Seroepidemiological study of Q fever in Lorestan province, western Iran, 2014 Q fever is a zoonotic disease and farm animals serve as the main reservoir of the disease. The aim of this study was to evaluate the seroprevalence of Q fever in sheep, in Lorestan province in western Iran.In this cross-sectional study, 330 blood samples were collected from sheep, from each county in Lorestan province. The samples were tested by ELISA for the presence of immunoglobulin (IgG) against Coxiella (...) of lactation and positive serology (p =0.376). The rate of infection with Q fever and abortion also had no statistically significant difference (p =0.152).The findings of this study showed that sheep in Lorestan were infected by Q fever and the cycle of disease transmission had been established between animals and ticks.

2017 Iranian journal of microbiology PubMed

68. Retrospective Examination of Q Fever Endocarditis: An Underdiagnosed Disease in the Mainland of China (Full text)

Retrospective Examination of Q Fever Endocarditis: An Underdiagnosed Disease in the Mainland of China Q fever endocarditis, a chronic illness caused by Coxiella burnetii, can be fatal if misdiagnosed or left untreated. Despite a relatively high positive rate of Q fever serology in healthy individuals in the mainland of China, very few cases of Q fever endocarditis have been reported. This study summarized cases of Q fever endocarditis among blood culture negative endocarditis (BCNE) patients (...) and discussed factors attributing to the low diagnostic rate.We identified confirmed cases of Q fever endocarditis among 637 consecutive patients with infective endocarditis (IE) in the Peking Union Medical College Hospital between 2006 and 2016. The clinical findings for each confirmed case were recorded. BCNE patients were also examined and each BCNE patient's Q fever risk factors were identified. The risk factors and presence of Q fever serologic testing between BCNE patients suspected and unsuspected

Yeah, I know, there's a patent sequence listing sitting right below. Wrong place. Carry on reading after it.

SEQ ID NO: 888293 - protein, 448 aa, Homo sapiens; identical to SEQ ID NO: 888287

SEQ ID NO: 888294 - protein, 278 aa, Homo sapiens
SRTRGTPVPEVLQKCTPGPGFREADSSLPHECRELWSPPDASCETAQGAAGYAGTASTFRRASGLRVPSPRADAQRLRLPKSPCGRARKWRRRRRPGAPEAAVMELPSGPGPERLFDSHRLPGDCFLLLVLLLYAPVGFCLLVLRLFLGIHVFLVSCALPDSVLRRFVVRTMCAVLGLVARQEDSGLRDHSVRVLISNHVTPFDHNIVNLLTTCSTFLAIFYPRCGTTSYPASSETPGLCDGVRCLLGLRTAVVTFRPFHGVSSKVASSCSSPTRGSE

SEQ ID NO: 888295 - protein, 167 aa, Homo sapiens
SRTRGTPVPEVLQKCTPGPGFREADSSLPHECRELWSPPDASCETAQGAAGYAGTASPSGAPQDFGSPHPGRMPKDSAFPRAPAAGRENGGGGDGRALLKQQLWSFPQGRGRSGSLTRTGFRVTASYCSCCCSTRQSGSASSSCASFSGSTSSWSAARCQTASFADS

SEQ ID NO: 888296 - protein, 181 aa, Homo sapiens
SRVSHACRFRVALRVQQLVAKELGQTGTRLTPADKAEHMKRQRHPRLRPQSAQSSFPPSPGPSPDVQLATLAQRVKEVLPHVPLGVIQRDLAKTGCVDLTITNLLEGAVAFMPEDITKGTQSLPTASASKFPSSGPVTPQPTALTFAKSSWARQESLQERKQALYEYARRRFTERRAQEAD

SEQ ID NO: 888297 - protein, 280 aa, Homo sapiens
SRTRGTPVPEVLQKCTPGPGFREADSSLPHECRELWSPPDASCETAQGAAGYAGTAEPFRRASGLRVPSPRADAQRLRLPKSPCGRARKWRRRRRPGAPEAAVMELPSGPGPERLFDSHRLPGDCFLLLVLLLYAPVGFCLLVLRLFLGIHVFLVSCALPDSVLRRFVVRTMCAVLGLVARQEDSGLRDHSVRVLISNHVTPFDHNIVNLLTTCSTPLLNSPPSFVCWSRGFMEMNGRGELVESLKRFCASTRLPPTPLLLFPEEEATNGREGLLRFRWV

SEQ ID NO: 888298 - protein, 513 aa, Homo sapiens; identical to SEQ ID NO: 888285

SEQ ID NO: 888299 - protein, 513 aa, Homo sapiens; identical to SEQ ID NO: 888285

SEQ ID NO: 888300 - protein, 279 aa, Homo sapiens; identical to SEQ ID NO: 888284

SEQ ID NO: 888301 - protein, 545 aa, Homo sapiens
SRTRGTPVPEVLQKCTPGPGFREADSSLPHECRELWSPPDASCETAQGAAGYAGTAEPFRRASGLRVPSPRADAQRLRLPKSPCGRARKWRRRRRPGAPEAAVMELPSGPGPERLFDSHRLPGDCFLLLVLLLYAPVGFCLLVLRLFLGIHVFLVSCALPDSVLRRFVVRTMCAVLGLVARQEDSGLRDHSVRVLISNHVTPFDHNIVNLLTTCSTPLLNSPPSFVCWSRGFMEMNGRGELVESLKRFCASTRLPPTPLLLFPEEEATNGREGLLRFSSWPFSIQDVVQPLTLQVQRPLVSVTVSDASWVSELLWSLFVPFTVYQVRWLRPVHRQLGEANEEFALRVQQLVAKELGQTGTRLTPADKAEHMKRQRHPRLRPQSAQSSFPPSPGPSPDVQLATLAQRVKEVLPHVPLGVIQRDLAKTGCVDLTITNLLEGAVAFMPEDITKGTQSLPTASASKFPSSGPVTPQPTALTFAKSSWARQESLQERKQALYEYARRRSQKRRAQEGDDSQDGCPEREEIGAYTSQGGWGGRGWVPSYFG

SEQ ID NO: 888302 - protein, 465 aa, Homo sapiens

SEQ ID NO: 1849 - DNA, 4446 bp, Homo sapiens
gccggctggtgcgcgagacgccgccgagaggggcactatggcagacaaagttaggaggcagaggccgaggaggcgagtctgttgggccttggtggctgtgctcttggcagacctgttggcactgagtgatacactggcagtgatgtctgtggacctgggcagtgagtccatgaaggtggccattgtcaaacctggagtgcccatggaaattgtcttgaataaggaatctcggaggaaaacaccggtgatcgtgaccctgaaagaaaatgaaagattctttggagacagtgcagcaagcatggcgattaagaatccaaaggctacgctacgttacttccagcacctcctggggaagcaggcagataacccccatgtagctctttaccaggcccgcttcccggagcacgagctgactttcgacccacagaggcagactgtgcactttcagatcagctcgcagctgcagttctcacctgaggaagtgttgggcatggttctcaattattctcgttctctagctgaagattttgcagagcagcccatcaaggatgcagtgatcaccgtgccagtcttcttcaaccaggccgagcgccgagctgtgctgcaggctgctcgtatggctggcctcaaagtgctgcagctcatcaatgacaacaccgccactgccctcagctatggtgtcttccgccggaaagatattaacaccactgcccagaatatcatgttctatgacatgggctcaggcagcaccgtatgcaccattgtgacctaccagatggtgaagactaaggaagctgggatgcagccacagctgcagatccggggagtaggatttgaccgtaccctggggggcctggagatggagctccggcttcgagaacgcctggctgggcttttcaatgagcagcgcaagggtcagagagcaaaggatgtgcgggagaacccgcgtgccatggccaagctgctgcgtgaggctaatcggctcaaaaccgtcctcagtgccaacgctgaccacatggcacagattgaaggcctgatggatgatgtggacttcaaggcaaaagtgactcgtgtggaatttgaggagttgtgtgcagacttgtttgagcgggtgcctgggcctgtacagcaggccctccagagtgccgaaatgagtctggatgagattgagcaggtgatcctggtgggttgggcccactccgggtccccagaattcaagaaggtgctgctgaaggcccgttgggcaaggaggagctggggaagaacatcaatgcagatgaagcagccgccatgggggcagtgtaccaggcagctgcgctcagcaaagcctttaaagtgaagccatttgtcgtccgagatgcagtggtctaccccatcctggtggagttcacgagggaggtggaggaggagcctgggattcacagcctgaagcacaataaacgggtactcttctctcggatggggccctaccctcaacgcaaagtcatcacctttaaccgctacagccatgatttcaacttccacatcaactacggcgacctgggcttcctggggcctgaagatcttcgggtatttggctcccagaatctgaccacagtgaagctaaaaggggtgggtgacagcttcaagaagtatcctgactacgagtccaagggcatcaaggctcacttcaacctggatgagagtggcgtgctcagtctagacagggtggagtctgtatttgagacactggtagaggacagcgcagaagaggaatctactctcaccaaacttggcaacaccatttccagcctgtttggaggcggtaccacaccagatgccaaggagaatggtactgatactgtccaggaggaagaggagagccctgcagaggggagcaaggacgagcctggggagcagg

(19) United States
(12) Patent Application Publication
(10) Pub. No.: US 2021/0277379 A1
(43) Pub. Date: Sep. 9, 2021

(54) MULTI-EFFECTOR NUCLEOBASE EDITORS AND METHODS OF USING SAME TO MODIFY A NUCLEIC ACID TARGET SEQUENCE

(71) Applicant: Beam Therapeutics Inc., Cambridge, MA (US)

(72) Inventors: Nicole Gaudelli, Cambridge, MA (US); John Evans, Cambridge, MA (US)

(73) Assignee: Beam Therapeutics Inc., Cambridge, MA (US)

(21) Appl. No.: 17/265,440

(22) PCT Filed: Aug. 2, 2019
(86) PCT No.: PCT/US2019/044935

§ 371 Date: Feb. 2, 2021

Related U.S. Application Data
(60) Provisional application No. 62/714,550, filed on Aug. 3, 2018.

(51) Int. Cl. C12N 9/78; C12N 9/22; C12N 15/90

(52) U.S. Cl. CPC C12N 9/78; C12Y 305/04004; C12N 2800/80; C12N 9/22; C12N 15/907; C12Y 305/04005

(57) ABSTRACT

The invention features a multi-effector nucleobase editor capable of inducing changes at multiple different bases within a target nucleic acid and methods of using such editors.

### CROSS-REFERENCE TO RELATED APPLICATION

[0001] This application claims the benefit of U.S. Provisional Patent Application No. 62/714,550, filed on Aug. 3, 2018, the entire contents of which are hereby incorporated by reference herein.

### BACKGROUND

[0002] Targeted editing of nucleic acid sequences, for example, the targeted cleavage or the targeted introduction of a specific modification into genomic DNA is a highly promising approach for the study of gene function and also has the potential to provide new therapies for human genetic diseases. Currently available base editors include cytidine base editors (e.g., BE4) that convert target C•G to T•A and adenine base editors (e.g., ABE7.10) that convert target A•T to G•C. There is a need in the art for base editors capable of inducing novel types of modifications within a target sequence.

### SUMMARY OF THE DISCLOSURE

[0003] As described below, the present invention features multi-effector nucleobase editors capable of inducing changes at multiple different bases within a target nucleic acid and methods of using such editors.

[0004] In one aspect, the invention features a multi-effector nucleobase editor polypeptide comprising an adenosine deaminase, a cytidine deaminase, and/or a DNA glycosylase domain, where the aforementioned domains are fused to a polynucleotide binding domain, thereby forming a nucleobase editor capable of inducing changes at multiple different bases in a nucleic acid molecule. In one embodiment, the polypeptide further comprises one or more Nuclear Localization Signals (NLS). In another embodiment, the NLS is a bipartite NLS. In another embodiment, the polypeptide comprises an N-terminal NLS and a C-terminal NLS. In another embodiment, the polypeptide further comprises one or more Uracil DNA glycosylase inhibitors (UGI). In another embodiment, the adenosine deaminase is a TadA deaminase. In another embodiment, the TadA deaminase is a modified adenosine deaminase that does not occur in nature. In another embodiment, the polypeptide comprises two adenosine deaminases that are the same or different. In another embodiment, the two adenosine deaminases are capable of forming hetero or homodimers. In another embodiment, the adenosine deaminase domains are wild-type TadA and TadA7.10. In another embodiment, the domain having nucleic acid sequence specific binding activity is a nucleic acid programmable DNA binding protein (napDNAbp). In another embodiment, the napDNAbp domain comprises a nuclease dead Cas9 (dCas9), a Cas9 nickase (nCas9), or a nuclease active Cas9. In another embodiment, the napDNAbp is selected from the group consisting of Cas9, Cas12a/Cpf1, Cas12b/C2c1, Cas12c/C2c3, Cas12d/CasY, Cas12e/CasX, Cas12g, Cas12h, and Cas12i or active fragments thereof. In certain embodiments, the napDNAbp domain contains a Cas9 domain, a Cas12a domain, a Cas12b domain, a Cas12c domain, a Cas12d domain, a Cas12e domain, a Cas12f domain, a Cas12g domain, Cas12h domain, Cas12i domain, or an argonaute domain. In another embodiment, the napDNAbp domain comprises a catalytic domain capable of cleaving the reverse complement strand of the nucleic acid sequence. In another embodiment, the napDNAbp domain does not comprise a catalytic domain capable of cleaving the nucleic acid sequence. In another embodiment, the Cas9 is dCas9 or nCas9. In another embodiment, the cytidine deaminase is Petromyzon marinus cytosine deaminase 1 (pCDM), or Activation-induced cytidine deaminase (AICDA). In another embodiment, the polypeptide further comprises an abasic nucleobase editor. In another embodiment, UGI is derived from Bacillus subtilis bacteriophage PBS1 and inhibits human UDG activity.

2017 Chinese medical journal PubMed

69. A Case of Primary Aortoduodenal Fistula and Abdominal Aortic Aneurysm in a Patient with Chronic Q Fever (Full text)

A Case of Primary Aortoduodenal Fistula and Abdominal Aortic Aneurysm in a Patient with Chronic Q Fever A 70-year-old man was successfully treated for an aortoduodenal fistula originating from a Q fever-related abdominal aortic aneurysm. He had no known history of contact with cattle or sheep. Although the combination of abdominal aortic aneurysm and aortoduodenal fistula is rare, one should be suspicious of Q fever infection as the causative agent, and additional medical treatment should

2017 AORTA Journal PubMed

70. Comparison of Chemical Profiles, Anti-Inflammatory Activity, and UPLC-Q-TOF/MS-Based Metabolomics in Endotoxic Fever Rats between Synthetic Borneol and Natural Borneol (Full text)